3 Girls & A Woodworker #9: Jointer Problems, HELP PLZZZ

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Blog entry by John_G posted 07-12-2011 10:08 PM 2149 reads 0 times favorited 22 comments Add to Favorites Watch
« Part 8: Father's Day Tool Gloat..... Part 9 of 3 Girls & A Woodworker series Part 10: Which should i buy »

Hello everyone, i’m really hoping someone can shed some light on this problem for me. I have an older craftsman Jointer/Planer that is in great working condition, however it has one major problem. Even though the infeed and outfeed tables are parallel when i push a board through it raises up off the outfeed table. Hopefully the pictures below will help…...

To me the table look very parallel weather the depth is set to 1/8” or zero. Now time to put a board through…..

So as you can see it begins to raise up more and more the further i push it through the jointer. I have to keep that back end held down really well or it’ll teeder and no long cut. I have no clue what i’m doing wrong here, i’m really hoping that it’s just a user error. The tables are flat and parallel in my opinion.

I really look forward to any responces you all might have,
Thank you

John G.

-- John Gray

22 comments so far

View superstretch's profile


1531 posts in 3205 days

#1 posted 07-12-2011 10:17 PM

Does the outfield table line up with the cutter head? It looks in the picture that the cutter might be a little low

-- Dan, Rochester, NY

View John_G's profile


165 posts in 3204 days

#2 posted 07-12-2011 10:19 PM

it’s actually dead on. I thought it might be high since it teeders and it might be doing it on that. when i put my framing square on and spin the head (manually) it’s just at the framing square but not moving it…..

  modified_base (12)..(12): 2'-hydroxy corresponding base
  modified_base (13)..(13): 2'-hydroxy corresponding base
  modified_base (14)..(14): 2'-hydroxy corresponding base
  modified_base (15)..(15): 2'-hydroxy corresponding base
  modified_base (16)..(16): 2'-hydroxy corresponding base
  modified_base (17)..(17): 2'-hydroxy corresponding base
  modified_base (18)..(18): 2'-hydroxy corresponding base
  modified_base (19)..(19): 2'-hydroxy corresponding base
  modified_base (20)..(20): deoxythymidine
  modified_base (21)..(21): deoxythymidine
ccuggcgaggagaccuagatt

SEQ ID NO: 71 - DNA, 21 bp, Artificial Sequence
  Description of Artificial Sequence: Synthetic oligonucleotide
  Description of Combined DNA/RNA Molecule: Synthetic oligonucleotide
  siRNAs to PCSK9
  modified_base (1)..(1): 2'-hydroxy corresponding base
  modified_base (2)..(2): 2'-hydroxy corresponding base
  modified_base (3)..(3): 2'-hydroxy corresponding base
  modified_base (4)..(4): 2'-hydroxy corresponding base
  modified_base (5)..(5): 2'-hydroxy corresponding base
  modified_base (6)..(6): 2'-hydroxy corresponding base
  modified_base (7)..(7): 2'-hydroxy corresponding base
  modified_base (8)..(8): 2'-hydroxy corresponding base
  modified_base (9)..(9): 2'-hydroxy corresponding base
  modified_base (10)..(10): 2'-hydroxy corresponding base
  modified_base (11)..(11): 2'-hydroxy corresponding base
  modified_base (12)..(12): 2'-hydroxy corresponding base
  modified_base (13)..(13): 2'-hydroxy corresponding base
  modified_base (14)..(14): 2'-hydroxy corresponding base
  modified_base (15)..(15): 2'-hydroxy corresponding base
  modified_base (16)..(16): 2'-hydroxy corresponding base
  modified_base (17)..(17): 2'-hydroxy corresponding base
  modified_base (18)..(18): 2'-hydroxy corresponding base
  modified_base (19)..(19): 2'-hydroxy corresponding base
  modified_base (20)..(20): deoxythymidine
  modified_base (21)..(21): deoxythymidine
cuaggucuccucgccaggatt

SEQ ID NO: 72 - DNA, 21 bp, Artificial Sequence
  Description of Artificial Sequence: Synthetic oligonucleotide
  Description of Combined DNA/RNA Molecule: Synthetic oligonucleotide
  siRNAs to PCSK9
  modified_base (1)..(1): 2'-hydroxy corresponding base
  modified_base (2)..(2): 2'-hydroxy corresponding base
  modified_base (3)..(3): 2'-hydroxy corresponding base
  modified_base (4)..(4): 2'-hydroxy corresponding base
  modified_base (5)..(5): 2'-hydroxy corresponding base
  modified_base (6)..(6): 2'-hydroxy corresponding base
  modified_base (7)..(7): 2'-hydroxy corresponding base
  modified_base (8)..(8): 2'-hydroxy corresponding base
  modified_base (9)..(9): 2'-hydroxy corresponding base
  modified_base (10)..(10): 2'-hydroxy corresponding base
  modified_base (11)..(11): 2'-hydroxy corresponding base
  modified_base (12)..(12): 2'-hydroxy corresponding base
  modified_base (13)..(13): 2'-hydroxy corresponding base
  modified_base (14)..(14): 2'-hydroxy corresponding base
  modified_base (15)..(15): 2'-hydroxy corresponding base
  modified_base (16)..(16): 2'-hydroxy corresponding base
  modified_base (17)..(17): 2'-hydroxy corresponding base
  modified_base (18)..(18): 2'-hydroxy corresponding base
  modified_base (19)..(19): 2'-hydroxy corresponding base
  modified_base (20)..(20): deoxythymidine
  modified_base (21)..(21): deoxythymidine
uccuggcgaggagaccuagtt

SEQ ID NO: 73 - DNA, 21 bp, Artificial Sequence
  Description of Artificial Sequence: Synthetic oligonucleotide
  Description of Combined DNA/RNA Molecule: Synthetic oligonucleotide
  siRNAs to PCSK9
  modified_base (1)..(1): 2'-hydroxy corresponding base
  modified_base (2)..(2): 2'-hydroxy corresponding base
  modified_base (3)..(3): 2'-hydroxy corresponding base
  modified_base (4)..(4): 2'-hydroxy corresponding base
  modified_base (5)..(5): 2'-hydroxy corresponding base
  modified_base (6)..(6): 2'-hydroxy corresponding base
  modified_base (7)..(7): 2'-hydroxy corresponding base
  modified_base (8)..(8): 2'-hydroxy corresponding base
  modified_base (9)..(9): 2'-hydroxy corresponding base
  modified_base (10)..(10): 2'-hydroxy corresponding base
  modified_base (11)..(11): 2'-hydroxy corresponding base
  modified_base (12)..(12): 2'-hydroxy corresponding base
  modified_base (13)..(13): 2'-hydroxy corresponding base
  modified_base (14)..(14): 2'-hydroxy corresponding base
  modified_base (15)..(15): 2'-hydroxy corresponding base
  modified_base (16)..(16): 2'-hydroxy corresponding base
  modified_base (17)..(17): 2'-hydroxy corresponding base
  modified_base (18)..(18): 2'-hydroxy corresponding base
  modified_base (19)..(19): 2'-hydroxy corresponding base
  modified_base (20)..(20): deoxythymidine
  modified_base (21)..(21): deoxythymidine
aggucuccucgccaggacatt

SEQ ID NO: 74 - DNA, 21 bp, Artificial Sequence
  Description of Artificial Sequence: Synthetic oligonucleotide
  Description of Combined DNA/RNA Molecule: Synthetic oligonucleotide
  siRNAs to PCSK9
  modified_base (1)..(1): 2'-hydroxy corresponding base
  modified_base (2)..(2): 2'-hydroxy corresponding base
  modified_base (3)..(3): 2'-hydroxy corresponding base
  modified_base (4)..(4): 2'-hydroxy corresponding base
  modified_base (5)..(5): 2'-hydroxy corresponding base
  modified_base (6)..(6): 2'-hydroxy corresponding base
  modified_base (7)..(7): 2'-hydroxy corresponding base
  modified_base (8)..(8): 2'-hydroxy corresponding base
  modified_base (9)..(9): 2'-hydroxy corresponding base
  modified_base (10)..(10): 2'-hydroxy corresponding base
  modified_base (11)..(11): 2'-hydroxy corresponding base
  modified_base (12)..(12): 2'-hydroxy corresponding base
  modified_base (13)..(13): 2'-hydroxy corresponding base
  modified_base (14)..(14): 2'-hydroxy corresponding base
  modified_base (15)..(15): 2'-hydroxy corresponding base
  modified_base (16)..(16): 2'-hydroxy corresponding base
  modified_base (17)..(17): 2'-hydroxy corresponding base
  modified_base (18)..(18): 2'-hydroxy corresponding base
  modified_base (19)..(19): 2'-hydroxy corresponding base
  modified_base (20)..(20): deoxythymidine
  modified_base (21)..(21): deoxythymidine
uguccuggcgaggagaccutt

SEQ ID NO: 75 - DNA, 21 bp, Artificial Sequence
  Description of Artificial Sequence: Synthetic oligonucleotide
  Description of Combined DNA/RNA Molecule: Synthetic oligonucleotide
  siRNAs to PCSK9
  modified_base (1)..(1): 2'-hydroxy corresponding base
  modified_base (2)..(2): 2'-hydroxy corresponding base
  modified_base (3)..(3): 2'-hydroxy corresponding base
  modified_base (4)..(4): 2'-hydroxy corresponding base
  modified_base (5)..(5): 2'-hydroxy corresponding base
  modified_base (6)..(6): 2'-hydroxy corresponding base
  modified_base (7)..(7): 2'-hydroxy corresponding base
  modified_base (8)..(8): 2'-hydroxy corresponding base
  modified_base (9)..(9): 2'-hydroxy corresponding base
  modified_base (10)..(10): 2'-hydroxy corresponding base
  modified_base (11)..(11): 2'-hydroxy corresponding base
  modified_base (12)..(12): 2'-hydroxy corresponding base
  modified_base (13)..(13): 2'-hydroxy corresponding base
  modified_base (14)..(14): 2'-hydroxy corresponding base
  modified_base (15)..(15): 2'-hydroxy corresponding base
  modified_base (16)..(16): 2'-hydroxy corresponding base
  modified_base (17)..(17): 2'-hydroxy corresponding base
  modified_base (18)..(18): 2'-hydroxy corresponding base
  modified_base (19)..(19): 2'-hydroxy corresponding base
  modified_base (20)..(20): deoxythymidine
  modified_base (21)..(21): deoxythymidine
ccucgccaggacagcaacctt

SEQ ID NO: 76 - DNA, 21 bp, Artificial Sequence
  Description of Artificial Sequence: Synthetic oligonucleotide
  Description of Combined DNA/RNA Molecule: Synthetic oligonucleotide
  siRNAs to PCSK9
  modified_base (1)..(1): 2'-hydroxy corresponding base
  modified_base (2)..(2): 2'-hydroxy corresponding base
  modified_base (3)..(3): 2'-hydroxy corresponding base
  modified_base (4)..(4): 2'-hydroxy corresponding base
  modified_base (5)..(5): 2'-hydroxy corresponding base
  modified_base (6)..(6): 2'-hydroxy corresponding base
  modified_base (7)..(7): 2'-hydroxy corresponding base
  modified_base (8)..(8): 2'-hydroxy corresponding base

-- John Gray

View Don W's profile

Don W

19341 posts in 3080 days

#3 posted 07-12-2011 10:20 PM

this is an issue with some of the craftsman jointers. If i remeber correctly you can shim the mounts to level it up.

-- - Collecting is an investment in the past, and the future.

View John_G's profile


165 posts in 3204 days

#4 posted 07-12-2011 10:21 PM

ahhh now i see why u think that, in that one picture i have the cutter head turned between blades so it looks low, if i had stood a blade verticle it might have been a better picture…..

-- John Gray

View devann's profile


2250 posts in 3205 days

#5 posted 07-12-2011 10:23 PM

Gary K. wrote a blog about many of the questions you’re asking. He had some simple ways to set the tables.

-- Darrell, making more sawdust than I know what to do with

View superstretch's profile


1531 posts in 3205 days

#6 posted 07-12-2011 10:24 PM

Ahh ok.. just wanted to make sure. If the head was low compared to the outfeed table, it might do what you described

-- Dan, Rochester, NY

View John_G's profile


165 posts in 3204 days

#7 posted 07-12-2011 10:41 PM

@Don W. Yes i can adjust the infeed table at both ends but then it’s not parallel. Should they not be parallel??

@devann: i’ll try looking or that….

-- John Gray

View gblock66's profile


58 posts in 3419 days

#8 posted 07-12-2011 10:42 PM

I found this video very helpful in setting up my Jointer. . .


View PurpLev's profile


8551 posts in 4161 days

#9 posted 07-12-2011 10:53 PM

are you putting pressure on the lumber on the infeed table side? you shouldn’t. (sorry if this is obvious but from your post I cannot tell how you operate the jointer so there might be user error here as far as I can tell).

you should feed the lumber until it passes the cutter head enough that you can then apply LIGHT pressure against the outfeed table. the infeed table is below the cutterhead so any pressure put on that side will tend to lift the lumber off of the outfeed side which is what you don’t want happening.

as long as the outfeed and the cutterhead are leveled you shouldn’t have this problem as long as you operate the jointer properly.

-- ㊍ When in doubt - There is no doubt - Go the safer route.

View John_G's profile


165 posts in 3204 days

#10 posted 07-12-2011 11:02 PM

i usually put alot of pressure on the infeed table. It’s the only way i can get it to keep cutting, when i put pressure on the outfeed it seems to life it off the blades. I wonder if my blades are to low…..